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North Carolina Newspapers

The pilot. (Vass, N.C.) 1920-current, November 09, 1928, Image 2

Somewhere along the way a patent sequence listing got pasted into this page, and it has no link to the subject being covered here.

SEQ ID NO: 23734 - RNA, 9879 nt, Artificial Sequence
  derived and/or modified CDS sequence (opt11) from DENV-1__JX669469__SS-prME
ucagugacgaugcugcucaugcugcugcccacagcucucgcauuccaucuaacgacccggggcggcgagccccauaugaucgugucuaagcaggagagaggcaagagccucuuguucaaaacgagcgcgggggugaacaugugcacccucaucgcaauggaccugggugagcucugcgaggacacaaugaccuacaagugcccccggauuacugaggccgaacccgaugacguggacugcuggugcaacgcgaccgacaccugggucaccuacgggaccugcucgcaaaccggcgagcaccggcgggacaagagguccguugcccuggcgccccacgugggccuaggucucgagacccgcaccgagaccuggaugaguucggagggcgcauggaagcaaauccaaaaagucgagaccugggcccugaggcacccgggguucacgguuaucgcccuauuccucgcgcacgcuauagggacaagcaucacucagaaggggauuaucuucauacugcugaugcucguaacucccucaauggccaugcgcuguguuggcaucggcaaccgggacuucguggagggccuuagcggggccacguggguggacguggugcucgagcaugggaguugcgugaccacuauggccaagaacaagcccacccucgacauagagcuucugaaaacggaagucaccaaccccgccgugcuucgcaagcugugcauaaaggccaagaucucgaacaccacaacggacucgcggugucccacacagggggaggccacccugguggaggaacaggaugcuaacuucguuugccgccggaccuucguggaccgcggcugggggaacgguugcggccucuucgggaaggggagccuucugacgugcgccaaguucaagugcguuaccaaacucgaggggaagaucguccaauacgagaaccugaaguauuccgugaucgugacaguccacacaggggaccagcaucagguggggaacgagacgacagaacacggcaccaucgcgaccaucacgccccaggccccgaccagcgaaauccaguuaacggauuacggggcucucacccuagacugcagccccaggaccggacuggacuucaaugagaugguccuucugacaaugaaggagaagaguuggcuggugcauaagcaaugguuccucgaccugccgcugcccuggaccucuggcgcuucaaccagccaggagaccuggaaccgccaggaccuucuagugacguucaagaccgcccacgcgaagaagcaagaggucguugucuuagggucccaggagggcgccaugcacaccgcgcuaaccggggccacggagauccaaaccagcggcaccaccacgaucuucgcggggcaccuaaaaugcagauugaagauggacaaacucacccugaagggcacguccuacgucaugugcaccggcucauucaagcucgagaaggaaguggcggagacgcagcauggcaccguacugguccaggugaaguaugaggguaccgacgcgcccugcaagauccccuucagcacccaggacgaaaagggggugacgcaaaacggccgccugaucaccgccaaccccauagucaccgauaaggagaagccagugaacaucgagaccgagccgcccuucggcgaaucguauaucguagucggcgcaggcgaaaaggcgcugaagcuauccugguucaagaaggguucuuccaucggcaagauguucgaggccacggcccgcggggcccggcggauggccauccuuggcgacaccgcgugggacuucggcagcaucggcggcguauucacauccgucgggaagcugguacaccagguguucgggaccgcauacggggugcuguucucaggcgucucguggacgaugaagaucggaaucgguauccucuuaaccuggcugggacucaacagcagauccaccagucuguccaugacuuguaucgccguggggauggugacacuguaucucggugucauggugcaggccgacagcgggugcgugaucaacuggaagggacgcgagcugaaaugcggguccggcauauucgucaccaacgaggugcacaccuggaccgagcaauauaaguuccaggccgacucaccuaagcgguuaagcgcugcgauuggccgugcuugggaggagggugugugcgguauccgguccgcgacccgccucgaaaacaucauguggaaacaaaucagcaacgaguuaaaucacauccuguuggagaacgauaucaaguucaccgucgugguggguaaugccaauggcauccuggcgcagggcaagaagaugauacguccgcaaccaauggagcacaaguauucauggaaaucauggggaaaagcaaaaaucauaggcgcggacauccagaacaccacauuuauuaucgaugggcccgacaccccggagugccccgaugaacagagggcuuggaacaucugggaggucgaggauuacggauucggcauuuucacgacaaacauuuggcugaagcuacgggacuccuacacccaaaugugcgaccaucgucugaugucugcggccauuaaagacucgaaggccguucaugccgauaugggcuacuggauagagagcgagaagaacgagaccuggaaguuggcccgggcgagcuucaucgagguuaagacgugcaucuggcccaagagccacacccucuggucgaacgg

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t»age Two THE PILOT, a Paper With Character, Vass, North Carolina. Fri..ay, November 9, 1&2& Work of Great Writers At Southern Pines. Two famous writers, one a profes- gor of literature at Columbia Univers ity, the other a former newspaper woman who has become one of the fa mous writers of the screen, are re sponsible for Lillian Gish’s latest starring vehicle, “The Wind,^’ a dra matic romance of the desert country, coming to the Carolina Theatres, Fri day and Saturday. The author is Dorothy Scarborough, professor of short story writing at Columbia Uni versity. The book was one of the lit erary sensations of a few seasons ago. Miss Gish plays a delicately nurtured Southern girl suddenly thrust into the windstorms, the rigors, the hardships and the elemental passions of the pio neer life. She is supported by Lars Hanson, the famous Swedish actor as well as a sterling cast including Mon tague Love, Dorothy Cummings, Ed ward Earle, William Orlamond, Car- mencita Johnson and others. “The Orchid of the Screen” Corrinne Griffith, the “orchid of the screen,” w'ill appear on Wednesday and Thursday in a role that is en tirely different from those in which she has been seen hitherto, when "Outcast,” in which she stars, comes to the Carolina Theatres. It is the same powerful characterization that, in the same plot on the stage, made Elsie Ferguson famous behind the footlights. Prominent in the support ing roles are Edmund Lowe, Huntley Gordon, Louise Fezenda, James Ford, Kathryn Carver, Lee Moran and Sam Hardy. A Big College Picture. At last a college picture with a new, a different approach, has been produced. At last the intriguing round of college life in the United States has been divorced from all the fanfare and slapstick of former, so- called college pictures which sickened collegiates and non-collegiates alike. At last Paramount has produced “Varsity,” with Charles (Buddy) Rogers ably handling a difficult role and Mary Brian and Chester Conklin furnishing support. “Varsity,” which will be seen at the Carolina Theatres Monday and Tuesday nights, pictures college life as it is. The scenes of “Varsity” were actu ally taken on the campus of Ptince- ton University and w'ere supervised in the making by a committee from the faculty of the University. The picture is splendidly conceived, ably directed and competently acted, a true and living; protrait of contemporary American college life. Fox News Advanced Two Days. By special arrangement with the New York Laboratory by which the mid-week Fox News will be shipped via air mail, the Fox News will be shown in Southern Pines no Thurs day nights insteads of Saturday nights as heretofore, the same news being shown in Pinehurst on Fiday night. This advances the news in Southern Pines by two days over the previous schedule and will be a wel come change to those who like to keep up to the minute on the news of the day in pictures. Matinees at Southern Pines. Beginning Saturday, November 16, with Adolphe Menjou in “His Private Life,** the regjilar matinees for the winter season will be inaugurated. The matinee prices will be 40 cents for adults and 20 cents for children. The hour is 3 p. m. and matinee days will be Tuesday, Thursday and Satur day. CHEATHAM SAYS LIVING NOW IN AN AMAZING PERIOD Moving So Fast We can Scarce ly Comprehend the Chang ing Situation. HOW KIWANIS CAN HELP. The Carolina Theatres nncERs Xt H ♦♦ n n H WITM MAI\Y BRIAN CHESTER CONKUN a Qaramount Qicture Also another of Charley Chase’s side-splitting come dies, “The Booster,” an Aesops Fables and the newest News. At Pinehurst Monday, Nov. 12th. 8:15 At Southern Pines Tuesday, Nov. 13th. 8:15 xt ♦♦ Do You Know— That in addition to a complete line of general hardware, paints and hunting goods, the Burney Hardware Company in Southern Pines and Aberdeen also carries in stock articles such as— Westclox Alarms, Big Bens and Baby Bens in the latest colors. Tudor Silver, Dinner Sets, Carvii^ Sets, etc. Glassware and Bric-a-Brac. Vacuum Bottles. Adjustable Heading Lamps. Electrical Supplies and Fixtures. Burney Hardware Co. “Modern, Progressive, Low-Priced and at Your Service.” Southern Pines Aberdeen. The Kiwanis Club held its Wednes day meeting at the Carolina in Pine hurst, which has opened for business in its remodeled form. The attend ance was- large, as many members who have been away during the sum mer are drifting back. At the close of an excellent feed Dr. T. A. Cheatham talked to the club on modern progress, and he interested his hearers to the finish. He has been North much of the summer and he compared the cli mate and surroundings of the North Carolina Sandhills with thte more ro bust country in the snow belt, and said he was glad he lived in this re gion where it is good to be. He also welcomed himself back to the crowd of good fellows he found in the club and commended the good the bunch is doing in many ways. And then he proceeded to set them a further job by talking of the progress the world is making and its need of men to help that progress in the right lines. Mr. Cheatham says we are living in an amazing day, with progress going so swiftly we can scarcely comprehend its meaning. The automobile, the fly ing machine, the radio, the many new things that revolutionize our customs are sweeping us off of our feet, and changing our habits and ways. The radio is substituting for the preacher, and without the contribution box at the end of the seormon. The constant reconstruction and change are mov ing so fast that we have not suffi cient time to enjoy the old peace and comfort of the past, and it is neces sary that this progress be controlled and directed in the right direction by men of .public interest who will give of their time to it. We must have citizenship with thought for all these modern problems Three things are to be held in mind—the immense ca pacity of this country now for skill ful work and intelligence, the high quality that make men willing to serve in the moral capacity to use the in telligence, and the improvement in organizing power. These rightly used will keep us up with the modern progress no matter how' swift its gait, and make us a wonderful peo ple. Frank Buchan, of the committee on airports, reported that so far Pine hurst had carried the chief burden of what has been done, and he urged that every section R;et into this game and not leave one place to assume the big costs, while sharing the advantages with the others. He felt that the other communities would be in line, but he thought they should come quickly as a demand exists for a use of the field now so far along that it can quickly be made ready for opera tion, and he voiced the belief that the money will be forthcoming soon. Herbert Seawell, Republican candi date for Governor, who has been ab sent for several weeks by sickness and campaign work, was back at the meeting and warmly welcomed by his fellows. AIRPLANE BEGINS TO I MAKE PLACE IN MOORE, i The Dixie Theatre FRIDA V Bebe Daniels in ONLY “HOT NEWS” SATURDAY Rin Tin Tin in ONLY “JAWS OF STEEL” MONDAY and Lon Chaney in TUESDAY “WHILE THE CITY SLEEPS” WEDNESDAY Emil Jannings in and THURSDAY THE PATRIOT” Selected Short Subjects, Comedies and News Events. The Dixie Theatre Aberdeen North Carolina. Southern Pines airdom picked up this week with the arrival of J. Carl ton Wicker's Eagle Rock biplane and its Curtiss Ox-5 motor. The two passenger and pilot plane moored at Suggs property on the Southern Pines-Aberdeen highway where passengers are being taken up. Pilot Howard Crawford brought Elvin Smith of Cleveland, Ohio, on a special trip from Cleveland and Smith joins the Southern Pines colony for the winter. Crawford as transport pilot has been flying two years. He is govern ment licensed. His home is St. Louis, Mo. ^ A parachute jump was the program i last Sunday and other stunts com-1 prised the plane's courtesy to the | Mid-South resort territory. Pilot Crawford declared the new Mid-South airport to be the best laid out area he has seen in two years aerial barnstorming of the nation. He congratulated Southern Pines and Pinehurst on the early possibilities of the port and predicted a big future for aircraft hereabouts. Mr Wicker’s plane is being viewed by many of the sporty air colony and the Ox-5 motor is being kept busy humming. WANTED — Job as overseer of peach orchard or farm. H. C. Wil liams, Jr., Aberdeen, N. C., R. 2, Box 27. It-pd. SUBSCRIBE TO THE PILOT—$2.00 PER YEAR IN ADVANCE Vass and Community The Woman’s Club of Vass requests the honor of your presence at the marriage of the Widow Zander and Benjamin Gump on Friday evening, November 16 at 8 o’clock in the High School Auditorium. Rev. B. M. Larson, of Athens, Ten nessee, will preach at the Presbyterian church in Vass Monday night, No vember 12th, at 7:30. His subject will be “Home Missions.” The public ■s cordially invited to be present. The Woman’s Club of Vass will meet at 7:15 Friday evening, Novem ber 9th, the meeting having been postponed from last week Mr. and Mrs. T. K. Gunter visited celatives in Moncure Sunday after noon. Barney Jessup returned Saturday from Scott’s Hospital in Sanford, where he spent five weeks for treat ment, and is now at his father’s home near town. Mr. Jessup has been ill since May, and his condition shows little improvement. A number of ,distinguished guests will arrive next week for the Zander- Gump wedding. Dr. and Mrs. R. G. Rosser and baby Janet visited relatives in Broadway Tuesday afternoon. Friends of Miss Rosa Belle Giles, formerly of Charlotte, will be delight ed to learn that she arrived Tuesday to spend the winter in town. Miss Giles has taken an apartment in the home of Mrs. G. W. Brooks. Guests of Mr. and Mrs A. K. Thompson on last Sunday included H. L. Thompson and family, of Hamlet, and Mr. and Mrs. W. D. Hunter and Miss Maude Hunter, of Sanford. Mr. Hunter was extremely ill during the summer, and his relatives rejoiced that he was able to take the ride down once again. Aunt Het and Pa will attend the Zander-Gump nuptials and will be the guests of Mr. and Mrs. McLauchlin. Mr. and Mrs. Robert Boggs and children and Mrs. Milo Boggs, of Broadway, visited W. .T Cox and fam ily Sunday. Mr. and Mrs. Cameron McLean, who were called to Vass on account of the death of their uncle, A. Came ron, returned to their home in Wil mington Tuesday. Rev. and Mrs. 0. I. Hinson, of Jonesboro, were callers at the home of Mr. and Mrs. W. J. Cameron Tues day. Paul Gschwind, who had been work ing with Mr. Benfield near Hemp for a few days, was brought home Satur day evening with an ugly cut above his ankle. Mr. Gschwind was working at a steel bridge and a piece of steel fell, cutting a gash which required eight stitches. Misses Louise and Marjorie Leslie, students at Campbell College, and Catharine Graham, of Louisburg Col lege, granddaughters of A. Cameron who were at home to attend the fu neral, returned Tuesday to their re spective schools. Major Hoople will officiate at the Zander-Gump wedding. Mrs. Maggie Jiggs will sing. We are so glad to report that G. W. Griffin is feeling much better for the last few days. Last week, for the first time since July, he rode down town, and also went to Hamlet for a couple of days, attending to business and visiting his son, Richard. Mr. Griffin is a fine fellow and we are glad to have him in town, but we re gret that ill health forces him to give up his work in Hamlet. The Woman’s Club presents the Zander-Gump wedding for the benefit of High School. Miss Pauline Bryan, of Durham, is the guest of her cousins. Misses Bes sie and Mildred Gunter. We shall not attempt to name the people from other towns who called at the home of A. Cameron and at tended the funeral Monday. There were scores of them; from Raleigh, Charlotte, Selma, Apex, Raeford, Hope Mills, Buie’s Creek, Sanford, Jonesboro, Aberdeen, Pinehurst, and other neighboring towns they came to pay their last tribute of respect to this noble man. Rev. Arthur L. Thompson is spend ing a few days with his parents, Mr. and Mrs. E. B. Thompson, before tak ing up his work on the Louisburg Circuit to which he was assigned by the Methodist conference last week. Arthur holds an unusually warm place in the hearts of the people of the community in general. He was reared in the community, attended high school in Vass, and is a member of the Methodist church here The peo ple feel that he is one of their very own, and their best wishes go with him as he assumes the duties of his first pastorate. condition was noted last week and his recovery was expected but a relapse last week was followed by death. Mr. Fox was 57 years old. He was born in New York City and came \o South ern Pines twelve years ago He was a brick mason by trade and built, among other buildings, the Vass Hotel and The Pilot building. He is survived by his w fe, Mrs. Margaret Fox, of Southern Pines, and four sisters in New York City. In terment was at Mount Hop? Ceme tery. AGNES KNIGHT BRONSON. Mrs. Agnes Knight Bronson died in Southern Pines last Monday. She wag 22 years old and had been a regular winter visitor for the past five years. Her home was in Blowing Rock' Rev. Edward Tuck preached the funeral service, which was held at Southern Pines, after which the body was re moved to Blowing Rock for burial. She is survived by her husband, Mil ton Bronson, one sister. Miss Corinne Knight, and her parents, Mr. and Mrs. John Knight. I f The Carolina Theatres H PINEHU?!ST ♦ > • ♦♦ i:: I** i I SOUTHERN PINES present IF LAU6HIN0 WAS A CRIME tfoudall he in (xasm. \ * At Pinehurst Friday, Nov. 9th. At Southern Pines Saturday, Nov. 10th. 8:15 Corinne At Pinehurst Monday, Nov. 12th. At Southern Pines Tuesday, Nov. 13th. 8:15 OUTCAST At Pinehurst " At Southern Pines Wednesday, Nov. 14th. Thursday, Nov. 15th. 8:15 8:15 s THOMAS J. FOX DIES IN SOUTHERN PINES. Thomas J. Fox, for twelve years a resident of Southern Pines, died at his home on May Street last Satur day. Although he had been ill for several weeks an improvement in his tt :: H ♦♦ #♦ I Remnant Day &vmgs I 25 percent and more I FRIDAY :r •• •• n tt RAYON GOWNS AND PAJAMAS SPECIAL $2.79. You will at once realize that this is a very special price for these beautiful gowns and pajamas made of multi-filament yarns, well tailored. Th^ pajamas have contrasting bindings, full cut and beautifully finished. Pajamas $2.79. Gowns $2.39. HAND MADE COTTON GOWNS Porto Rican Gowns, white or colors, hand made. Special 75c each. Cotton Jersey Bloomers, regular and extra size 50c-65c. Best quality, excellent wearing Rayon Bloomers, band knee or tight fitted top. Flesh or white $1.00 pr. Vests to match $1 each. NEW SWEATERS To match the Sunburst pleated skirts $4.50 to $11.50 SILK HOSE SPECIAL Pastel shades for evening wear, full fashioned Sheer Chiffon, all silk from top to toe. Regularly $2. to $3. Special .—$1.59 pr< Also a few colors with novelty hjeels. Special $1.50 pr. HATli, IN SPECIAL SALE One special group of California and Other Hats $5.00 One group of hats values to $5.00 choice $1.98 Town and Country Cretonnes 20 per cent re duction. Fast color beautiful patterns, yd wide, reg. 85c and $1.00. FELT BED ROOM SLIPPERS Felt Slippers, purple only, all sizes. Spe cial 49c pr. Special Reductions Through out the Store for This Rem nant Day Savings. C. T. Patch Dept Store SOUTHERN PINES, N. C. | H tt